Which tense is preferable after 'since when?'
Here are a few examples I have gleaned from the Internet:
Since when do I need your permission?
Since when do you have the right to tell me what to do?
Since when have you been interested in my feelings?
Since when has it been against the rules to have a coffee break?
Is there any difference between the use of the Present Perfect and the Simple Present in the above sentences? Can they be used interchangeably?
Thanks for your help.
Thanks Bhaisahab, but you DID NOT answer my question!
I already knew that the examples I provided were correct: I copied them all off an American website!!
My question was: how do I know when to use the Present Perfect or the Present Simple? Are there any differences in usage??
Since when means: From what time. This is an idiomatic expression, used in the form of a question when you do not believe a particular statement or attitude or situation is right or true and this may relate to any time frame: present/Past or future. So any tense form can be used with this expression. It may be present/past/future simple or perfect or perfect continuous.
Last edited by sarat_106; 13-Jun-2009 at 06:37.
Thank you. I just needed some kind of confirmation.
You know, if I stepped into my son's bedroom and found him smoking, I know I would. 'Hey, since when do you smoke?'
On the other hand, I would also say 'Since when have you been interested in politics?' after a friend's unexpected comment on the Prime Minister.
As I tend to go by ear in most situations, I was wondering if there was any rule governing the use of tenses after 'since when'. As a teacher I need to know. I just can't say 'Well, it sounds right. That's all'
It's trying to explain why which is always the hard bit.
'If I stepped into my son's bedroom and found smoking I know I would say:....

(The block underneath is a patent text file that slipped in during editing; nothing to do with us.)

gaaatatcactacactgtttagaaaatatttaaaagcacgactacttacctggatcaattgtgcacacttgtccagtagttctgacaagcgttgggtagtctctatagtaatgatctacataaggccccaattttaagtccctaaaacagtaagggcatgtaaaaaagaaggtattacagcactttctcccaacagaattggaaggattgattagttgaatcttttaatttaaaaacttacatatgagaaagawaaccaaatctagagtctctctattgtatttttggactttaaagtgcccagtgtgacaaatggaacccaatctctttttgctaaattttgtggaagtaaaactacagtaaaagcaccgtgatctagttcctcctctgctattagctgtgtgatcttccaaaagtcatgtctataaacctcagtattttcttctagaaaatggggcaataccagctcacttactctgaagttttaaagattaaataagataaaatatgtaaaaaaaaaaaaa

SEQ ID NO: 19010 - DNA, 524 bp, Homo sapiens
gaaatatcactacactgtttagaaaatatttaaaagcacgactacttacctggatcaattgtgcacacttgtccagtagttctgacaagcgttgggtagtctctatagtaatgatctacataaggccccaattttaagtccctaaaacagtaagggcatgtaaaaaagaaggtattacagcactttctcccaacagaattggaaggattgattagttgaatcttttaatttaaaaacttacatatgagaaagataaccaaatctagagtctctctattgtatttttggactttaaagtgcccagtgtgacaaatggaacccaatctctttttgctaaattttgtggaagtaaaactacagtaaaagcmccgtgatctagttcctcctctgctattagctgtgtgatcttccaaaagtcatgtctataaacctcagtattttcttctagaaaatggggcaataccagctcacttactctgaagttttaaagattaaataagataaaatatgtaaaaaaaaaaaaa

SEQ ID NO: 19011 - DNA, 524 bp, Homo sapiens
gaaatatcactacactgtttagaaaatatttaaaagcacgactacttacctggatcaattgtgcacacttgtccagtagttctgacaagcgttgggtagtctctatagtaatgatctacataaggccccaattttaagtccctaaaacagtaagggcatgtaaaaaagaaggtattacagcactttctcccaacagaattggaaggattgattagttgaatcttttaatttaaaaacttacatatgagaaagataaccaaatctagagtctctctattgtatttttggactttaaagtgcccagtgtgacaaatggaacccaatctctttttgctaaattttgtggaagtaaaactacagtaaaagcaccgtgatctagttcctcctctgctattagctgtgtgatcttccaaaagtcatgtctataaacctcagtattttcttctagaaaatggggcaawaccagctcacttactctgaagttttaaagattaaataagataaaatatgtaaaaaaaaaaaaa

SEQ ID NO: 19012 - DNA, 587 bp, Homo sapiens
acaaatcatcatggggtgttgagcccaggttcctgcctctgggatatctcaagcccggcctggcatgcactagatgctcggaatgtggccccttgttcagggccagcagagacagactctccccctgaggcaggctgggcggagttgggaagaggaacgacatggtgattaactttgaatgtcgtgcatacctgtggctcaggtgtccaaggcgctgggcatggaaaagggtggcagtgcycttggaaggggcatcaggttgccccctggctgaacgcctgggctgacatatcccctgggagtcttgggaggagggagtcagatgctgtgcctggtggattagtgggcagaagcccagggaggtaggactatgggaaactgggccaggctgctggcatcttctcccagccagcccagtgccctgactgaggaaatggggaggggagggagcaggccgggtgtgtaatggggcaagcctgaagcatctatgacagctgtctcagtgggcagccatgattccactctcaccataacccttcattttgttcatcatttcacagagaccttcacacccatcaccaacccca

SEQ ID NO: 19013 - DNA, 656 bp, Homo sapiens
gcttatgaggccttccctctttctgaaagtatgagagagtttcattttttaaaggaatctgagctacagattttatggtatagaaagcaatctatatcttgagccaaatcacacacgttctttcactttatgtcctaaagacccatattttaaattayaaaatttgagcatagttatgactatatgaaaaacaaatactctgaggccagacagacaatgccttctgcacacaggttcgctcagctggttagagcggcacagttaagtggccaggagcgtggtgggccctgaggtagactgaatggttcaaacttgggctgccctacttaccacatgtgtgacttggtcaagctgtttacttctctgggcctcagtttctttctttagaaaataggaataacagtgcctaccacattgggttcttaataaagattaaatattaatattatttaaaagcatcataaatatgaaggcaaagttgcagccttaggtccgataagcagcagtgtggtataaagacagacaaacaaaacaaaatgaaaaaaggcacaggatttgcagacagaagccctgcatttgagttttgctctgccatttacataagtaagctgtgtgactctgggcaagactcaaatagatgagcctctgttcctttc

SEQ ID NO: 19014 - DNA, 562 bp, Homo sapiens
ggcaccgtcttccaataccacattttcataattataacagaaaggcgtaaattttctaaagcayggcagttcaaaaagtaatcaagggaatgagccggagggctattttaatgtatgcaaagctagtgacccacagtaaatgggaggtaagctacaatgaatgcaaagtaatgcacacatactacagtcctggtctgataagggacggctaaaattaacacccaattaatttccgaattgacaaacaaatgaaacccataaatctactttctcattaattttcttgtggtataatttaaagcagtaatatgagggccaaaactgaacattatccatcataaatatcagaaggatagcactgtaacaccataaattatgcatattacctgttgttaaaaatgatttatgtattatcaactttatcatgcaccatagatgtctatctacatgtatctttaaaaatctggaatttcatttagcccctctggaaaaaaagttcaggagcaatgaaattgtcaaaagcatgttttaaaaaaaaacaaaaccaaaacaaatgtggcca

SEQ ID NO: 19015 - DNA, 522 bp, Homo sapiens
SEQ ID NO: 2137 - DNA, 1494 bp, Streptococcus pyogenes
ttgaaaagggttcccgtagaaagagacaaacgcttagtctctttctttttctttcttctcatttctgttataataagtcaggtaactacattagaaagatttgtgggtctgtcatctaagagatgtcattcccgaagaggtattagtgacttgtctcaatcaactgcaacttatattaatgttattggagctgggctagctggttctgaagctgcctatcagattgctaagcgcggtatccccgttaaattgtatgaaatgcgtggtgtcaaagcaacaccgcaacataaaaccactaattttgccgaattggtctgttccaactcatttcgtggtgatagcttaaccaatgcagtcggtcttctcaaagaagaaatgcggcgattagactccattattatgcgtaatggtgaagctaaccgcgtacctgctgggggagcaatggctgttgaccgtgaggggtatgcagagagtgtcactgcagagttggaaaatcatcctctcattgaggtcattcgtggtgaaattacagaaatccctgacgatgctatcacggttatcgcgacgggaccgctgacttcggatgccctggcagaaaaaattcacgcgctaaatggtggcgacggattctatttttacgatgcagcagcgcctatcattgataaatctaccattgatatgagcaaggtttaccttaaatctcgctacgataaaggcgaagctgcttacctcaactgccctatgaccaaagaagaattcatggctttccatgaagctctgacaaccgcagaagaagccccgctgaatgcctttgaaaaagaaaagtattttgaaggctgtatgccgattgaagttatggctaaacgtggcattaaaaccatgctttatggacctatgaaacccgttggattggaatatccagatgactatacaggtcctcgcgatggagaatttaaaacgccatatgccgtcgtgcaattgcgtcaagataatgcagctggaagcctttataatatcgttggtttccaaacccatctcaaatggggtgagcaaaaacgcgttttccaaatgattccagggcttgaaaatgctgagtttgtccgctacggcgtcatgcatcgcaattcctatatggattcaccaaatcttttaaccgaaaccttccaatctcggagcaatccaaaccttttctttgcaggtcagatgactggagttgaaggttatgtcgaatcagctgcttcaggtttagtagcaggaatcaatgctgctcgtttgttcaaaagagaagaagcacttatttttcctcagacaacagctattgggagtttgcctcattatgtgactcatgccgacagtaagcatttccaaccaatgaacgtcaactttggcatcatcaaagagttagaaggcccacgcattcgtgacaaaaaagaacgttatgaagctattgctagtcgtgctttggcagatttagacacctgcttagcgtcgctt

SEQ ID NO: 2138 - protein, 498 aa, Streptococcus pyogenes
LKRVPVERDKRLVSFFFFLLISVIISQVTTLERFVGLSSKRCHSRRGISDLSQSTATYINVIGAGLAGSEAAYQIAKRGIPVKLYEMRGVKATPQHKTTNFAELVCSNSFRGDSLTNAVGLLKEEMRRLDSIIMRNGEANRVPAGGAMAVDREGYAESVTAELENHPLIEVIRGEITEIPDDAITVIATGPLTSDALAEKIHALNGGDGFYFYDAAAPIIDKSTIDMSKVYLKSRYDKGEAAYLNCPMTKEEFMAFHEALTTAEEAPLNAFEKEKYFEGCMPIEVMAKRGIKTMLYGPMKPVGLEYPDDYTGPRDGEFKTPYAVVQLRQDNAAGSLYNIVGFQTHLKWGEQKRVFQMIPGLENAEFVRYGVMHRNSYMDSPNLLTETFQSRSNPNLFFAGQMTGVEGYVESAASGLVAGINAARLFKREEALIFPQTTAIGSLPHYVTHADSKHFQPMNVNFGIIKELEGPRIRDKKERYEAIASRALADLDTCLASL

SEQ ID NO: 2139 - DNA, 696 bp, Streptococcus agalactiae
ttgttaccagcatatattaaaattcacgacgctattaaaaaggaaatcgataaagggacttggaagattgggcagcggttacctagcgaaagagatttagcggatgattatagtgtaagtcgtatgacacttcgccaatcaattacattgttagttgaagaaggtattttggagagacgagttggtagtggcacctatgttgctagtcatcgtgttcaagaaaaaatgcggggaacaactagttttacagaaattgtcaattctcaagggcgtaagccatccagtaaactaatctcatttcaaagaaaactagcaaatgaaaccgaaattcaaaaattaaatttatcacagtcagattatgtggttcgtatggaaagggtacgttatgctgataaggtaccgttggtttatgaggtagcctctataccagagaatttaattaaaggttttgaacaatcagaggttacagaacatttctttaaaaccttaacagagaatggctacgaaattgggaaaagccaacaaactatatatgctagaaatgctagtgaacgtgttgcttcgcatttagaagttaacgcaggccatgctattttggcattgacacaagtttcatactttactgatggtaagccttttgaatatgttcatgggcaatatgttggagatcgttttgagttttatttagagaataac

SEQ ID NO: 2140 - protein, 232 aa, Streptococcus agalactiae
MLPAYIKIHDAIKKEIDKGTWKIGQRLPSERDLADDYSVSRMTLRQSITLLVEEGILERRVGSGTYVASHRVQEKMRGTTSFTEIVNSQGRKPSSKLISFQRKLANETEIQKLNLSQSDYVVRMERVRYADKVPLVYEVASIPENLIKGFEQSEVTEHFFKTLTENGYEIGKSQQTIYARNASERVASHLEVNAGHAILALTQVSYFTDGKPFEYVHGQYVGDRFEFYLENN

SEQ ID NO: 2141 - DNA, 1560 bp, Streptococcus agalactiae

go by ear (?): hasty translation from the Italian. What I meant was :
'choosing what sounds right depending on the context.
Do you know that in English there's a similar expression 'play it by ear', which means 'to decide on one's actions as one goes along, depending on the situation; to play a song according to how it sounds, rather than from a written score; to do something by guessing, intuition, or trial and error; to react to events as they occur; to improvise or adapt your response to a situation as it occurs rather than make plans in advance'?
So maybe you didn't just make 'a hasty translation', it was your 'language sense' that was working!! Like the case of 'since when', this magic sense sometimes works far better than a general grammatical rule.
Thank you for your kind words, Mrs Irons.
I am actually familiar with the expression 'play it by ear' though as you pointed out, it's closer in meaning to 'improvise, decide what to do according to the way a situation develps, without making plans before that time'.
What I probably had in mind was, I'm afraid, something rather more literal. I suppose the two expressions overlapped in mind while I was writing ...and that was it!...
Once again, haste makes you write the silliest things, doesn't it?
Since when have we needed permission to smoke here?
(= How long have we needed permission...?)
implies a genuine interest on the part of the speaker in discovering the length of time in question, whereas
Since when do I need your permission to smoke here?
rather than a true question, is simply tantamount to the indignant declaration
I do not consider that I need your permission to smoke!!
On account of this derogatory implication, one would be unlikely to encounter a sentence such as
? Since when is it raining?
to mean simply
(For) how long has it been raining/How long ago did the rain begin?